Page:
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Deschutes Health issues a warning of possibly lethal heroin



Desutes County Health Services and the St. Charles Health System issued a public health warning Friday night of a possible increased risk of accidental heroin overdose based on a group of four serious drug overdoses in the last 36 hours.

Health care providers have reported to Deschutes County Health Services that there are concerns that heroin may be bound to synthetic fentanyl, which makes the drug particularly deadly. Patients seen in the last day and a half have been critically ill and need unusually high doses of naloxone (also known as Narcan) to be stabilized, officials said.

Drug Abstinence is the Best Way to Eliminate the Risk of Overdose If you are concerned about a drug user, you can ask them about their willingness to start medication or drug treatment. For a list of vendors, visit the Stay Safe Oregon website at https://staysafeoregon.com/. records19659008 SAMSBe Prepared. Take Naloxone. Save lives. Naloxone is a medicine designed to quickly restore opiate overdose. It can very quickly restore the normal breathing of a person whose breathing is slowed or stopped due to an overdose. You can get naloxone in the following ways: • Any pharmacist in Oregon can prescribe you naloxone. Call ahead for availability.

  • Naloxone may be prescribed by your healthcare provider.
  • • People who use the syringe exchange program can receive free naloxone. Visit https://www.deschutes.org/health/page/syringe-exchange-program for details.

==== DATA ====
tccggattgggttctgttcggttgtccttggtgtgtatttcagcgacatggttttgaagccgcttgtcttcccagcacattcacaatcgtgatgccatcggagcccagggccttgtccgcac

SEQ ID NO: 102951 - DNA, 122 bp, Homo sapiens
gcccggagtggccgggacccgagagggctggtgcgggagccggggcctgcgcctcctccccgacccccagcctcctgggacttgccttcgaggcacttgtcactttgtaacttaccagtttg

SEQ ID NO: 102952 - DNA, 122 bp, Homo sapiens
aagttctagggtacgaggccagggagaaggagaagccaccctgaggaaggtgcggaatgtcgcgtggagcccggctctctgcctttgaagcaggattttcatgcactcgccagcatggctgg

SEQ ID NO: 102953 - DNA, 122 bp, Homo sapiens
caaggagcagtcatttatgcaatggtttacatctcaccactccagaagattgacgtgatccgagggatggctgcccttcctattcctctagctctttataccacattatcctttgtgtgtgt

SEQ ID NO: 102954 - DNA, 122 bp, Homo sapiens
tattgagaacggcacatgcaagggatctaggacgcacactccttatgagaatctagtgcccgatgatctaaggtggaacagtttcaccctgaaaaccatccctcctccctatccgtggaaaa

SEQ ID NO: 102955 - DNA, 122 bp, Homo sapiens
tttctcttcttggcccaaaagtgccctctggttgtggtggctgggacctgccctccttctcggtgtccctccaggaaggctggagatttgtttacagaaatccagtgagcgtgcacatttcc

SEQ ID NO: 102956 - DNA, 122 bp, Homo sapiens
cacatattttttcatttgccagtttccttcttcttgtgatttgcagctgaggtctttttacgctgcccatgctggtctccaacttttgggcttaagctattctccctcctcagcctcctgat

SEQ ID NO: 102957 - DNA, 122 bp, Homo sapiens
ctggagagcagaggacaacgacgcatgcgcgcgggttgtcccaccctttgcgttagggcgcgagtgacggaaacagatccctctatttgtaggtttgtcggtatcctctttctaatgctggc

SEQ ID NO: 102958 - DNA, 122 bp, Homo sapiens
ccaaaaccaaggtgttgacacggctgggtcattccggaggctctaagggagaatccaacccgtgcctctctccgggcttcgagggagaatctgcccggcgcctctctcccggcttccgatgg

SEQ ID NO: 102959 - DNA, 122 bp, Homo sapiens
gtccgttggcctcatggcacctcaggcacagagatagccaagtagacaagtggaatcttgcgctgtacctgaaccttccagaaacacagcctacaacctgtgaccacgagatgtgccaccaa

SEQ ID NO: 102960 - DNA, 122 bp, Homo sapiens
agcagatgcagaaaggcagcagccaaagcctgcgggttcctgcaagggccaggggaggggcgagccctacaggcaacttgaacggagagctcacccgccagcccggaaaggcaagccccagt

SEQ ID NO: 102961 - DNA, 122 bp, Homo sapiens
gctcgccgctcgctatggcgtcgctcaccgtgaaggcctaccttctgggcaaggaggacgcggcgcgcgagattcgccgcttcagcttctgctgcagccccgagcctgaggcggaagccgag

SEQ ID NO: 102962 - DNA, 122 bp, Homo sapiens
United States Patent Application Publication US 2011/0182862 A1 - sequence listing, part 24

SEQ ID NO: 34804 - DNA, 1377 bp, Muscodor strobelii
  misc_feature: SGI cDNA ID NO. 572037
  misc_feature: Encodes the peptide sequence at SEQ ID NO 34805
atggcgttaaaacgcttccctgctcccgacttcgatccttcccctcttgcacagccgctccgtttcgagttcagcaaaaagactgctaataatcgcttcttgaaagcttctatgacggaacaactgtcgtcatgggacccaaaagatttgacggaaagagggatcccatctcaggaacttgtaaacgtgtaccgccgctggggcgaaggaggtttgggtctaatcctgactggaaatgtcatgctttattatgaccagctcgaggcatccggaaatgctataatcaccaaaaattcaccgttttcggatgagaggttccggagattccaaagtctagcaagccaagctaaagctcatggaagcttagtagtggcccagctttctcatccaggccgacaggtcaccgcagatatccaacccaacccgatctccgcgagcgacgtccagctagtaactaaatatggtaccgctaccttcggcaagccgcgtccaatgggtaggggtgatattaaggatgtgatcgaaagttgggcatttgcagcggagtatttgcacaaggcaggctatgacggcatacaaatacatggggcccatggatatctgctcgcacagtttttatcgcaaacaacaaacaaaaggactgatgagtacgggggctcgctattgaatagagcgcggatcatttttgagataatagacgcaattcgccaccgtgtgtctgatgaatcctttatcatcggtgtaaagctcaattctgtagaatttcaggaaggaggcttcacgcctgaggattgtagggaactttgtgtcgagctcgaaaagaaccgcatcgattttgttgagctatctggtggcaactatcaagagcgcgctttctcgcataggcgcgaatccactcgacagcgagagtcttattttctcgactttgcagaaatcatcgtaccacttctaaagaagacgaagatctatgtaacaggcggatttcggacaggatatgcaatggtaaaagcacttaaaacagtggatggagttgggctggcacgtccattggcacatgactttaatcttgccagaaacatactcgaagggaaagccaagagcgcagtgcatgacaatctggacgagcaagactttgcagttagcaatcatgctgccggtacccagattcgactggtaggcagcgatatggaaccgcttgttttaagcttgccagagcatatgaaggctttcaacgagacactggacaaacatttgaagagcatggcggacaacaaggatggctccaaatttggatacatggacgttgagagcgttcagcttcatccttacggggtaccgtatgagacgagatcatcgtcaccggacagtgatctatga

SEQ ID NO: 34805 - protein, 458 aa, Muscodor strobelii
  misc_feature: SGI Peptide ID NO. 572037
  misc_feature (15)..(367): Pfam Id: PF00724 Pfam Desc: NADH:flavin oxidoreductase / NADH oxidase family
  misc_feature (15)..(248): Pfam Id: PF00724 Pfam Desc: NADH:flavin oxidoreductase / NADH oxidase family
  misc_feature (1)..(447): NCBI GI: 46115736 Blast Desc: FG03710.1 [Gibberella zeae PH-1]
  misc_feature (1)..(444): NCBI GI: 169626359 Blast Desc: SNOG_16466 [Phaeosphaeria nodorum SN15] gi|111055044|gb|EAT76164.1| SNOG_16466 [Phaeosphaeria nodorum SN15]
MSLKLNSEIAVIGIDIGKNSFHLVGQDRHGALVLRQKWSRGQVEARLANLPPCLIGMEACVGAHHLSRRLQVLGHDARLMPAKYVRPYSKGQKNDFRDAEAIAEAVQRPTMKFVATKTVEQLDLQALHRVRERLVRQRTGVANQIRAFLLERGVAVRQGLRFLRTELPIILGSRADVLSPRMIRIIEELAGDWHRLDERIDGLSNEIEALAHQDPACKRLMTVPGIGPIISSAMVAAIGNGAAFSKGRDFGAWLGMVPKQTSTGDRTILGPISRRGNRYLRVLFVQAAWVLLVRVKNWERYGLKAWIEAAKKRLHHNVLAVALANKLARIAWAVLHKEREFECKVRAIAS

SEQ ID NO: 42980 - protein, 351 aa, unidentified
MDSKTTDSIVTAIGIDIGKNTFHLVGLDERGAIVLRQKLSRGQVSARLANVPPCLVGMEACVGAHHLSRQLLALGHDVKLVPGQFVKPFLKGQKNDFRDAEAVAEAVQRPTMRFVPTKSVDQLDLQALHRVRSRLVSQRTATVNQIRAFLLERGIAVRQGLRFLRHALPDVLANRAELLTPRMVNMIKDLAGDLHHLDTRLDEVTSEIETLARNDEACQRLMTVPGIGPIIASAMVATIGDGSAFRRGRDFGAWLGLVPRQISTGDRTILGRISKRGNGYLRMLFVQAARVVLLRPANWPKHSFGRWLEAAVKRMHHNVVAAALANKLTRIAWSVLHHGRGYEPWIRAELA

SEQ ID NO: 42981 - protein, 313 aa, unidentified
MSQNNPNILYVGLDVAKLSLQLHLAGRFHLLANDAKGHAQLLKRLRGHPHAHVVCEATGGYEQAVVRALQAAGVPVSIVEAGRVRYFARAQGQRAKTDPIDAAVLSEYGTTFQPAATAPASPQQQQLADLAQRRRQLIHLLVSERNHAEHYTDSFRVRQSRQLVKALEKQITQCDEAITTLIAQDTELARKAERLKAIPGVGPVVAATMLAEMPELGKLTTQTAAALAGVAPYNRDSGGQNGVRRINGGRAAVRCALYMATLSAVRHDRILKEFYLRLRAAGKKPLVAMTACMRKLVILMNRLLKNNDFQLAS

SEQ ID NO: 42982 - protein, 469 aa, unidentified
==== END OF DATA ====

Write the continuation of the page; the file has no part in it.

It is important to call 911 when someone overdoses on opioids. If you use naloxone, the effects are temporary and the person still needs to seek immediate medical attention. After the medication is weakened, the person may fall back into a coma.

    If you call the police or 911 to get help for someone who has a drug overdose, health officials stress that good Oregon Samaritan law prevents you from being arrested or prosecuted for

    Health Services said work with community partners to deliver information to at-risk populations to share harm reduction information.

    St. Charles spokesman Lisa Goodman said she could not confirm the four heroin-related overdoses and said she did not know the patients' current status.

    Morgan Emerson, preparedness coordinator at Deschutes County Health Services, stated that St. Charles officials were notifying the county of any major overdoses.

    "Four overdoses during this period of 19459032 are not particularly troubling," Emerson says. "It is disturbing to us that these are very serious benefits."

    Emerson notes that the Oregon Health Administration provides guidance and encourages local health services to "monitor more closely" opioid overdoses and prepare response plans of opioids, " to better inform our community " what's going on.

    "The ideal harm reduction would be to abstain from drug use," she said. "From there, if people choose to use opioids, we want them to be prepared with naloxone and to know how to use it, as well as the public, knowing the signs and symptoms of overdose."

    More Harm Reduction Resources:

    https://www.oregon.gov/oha/PH/PREVENTIONWELLNESS/SUBSTANCEUSE/Pages/harm-reduction.aspx

    https://harmreduction.org/about -us / principles-of-harm- reduction /


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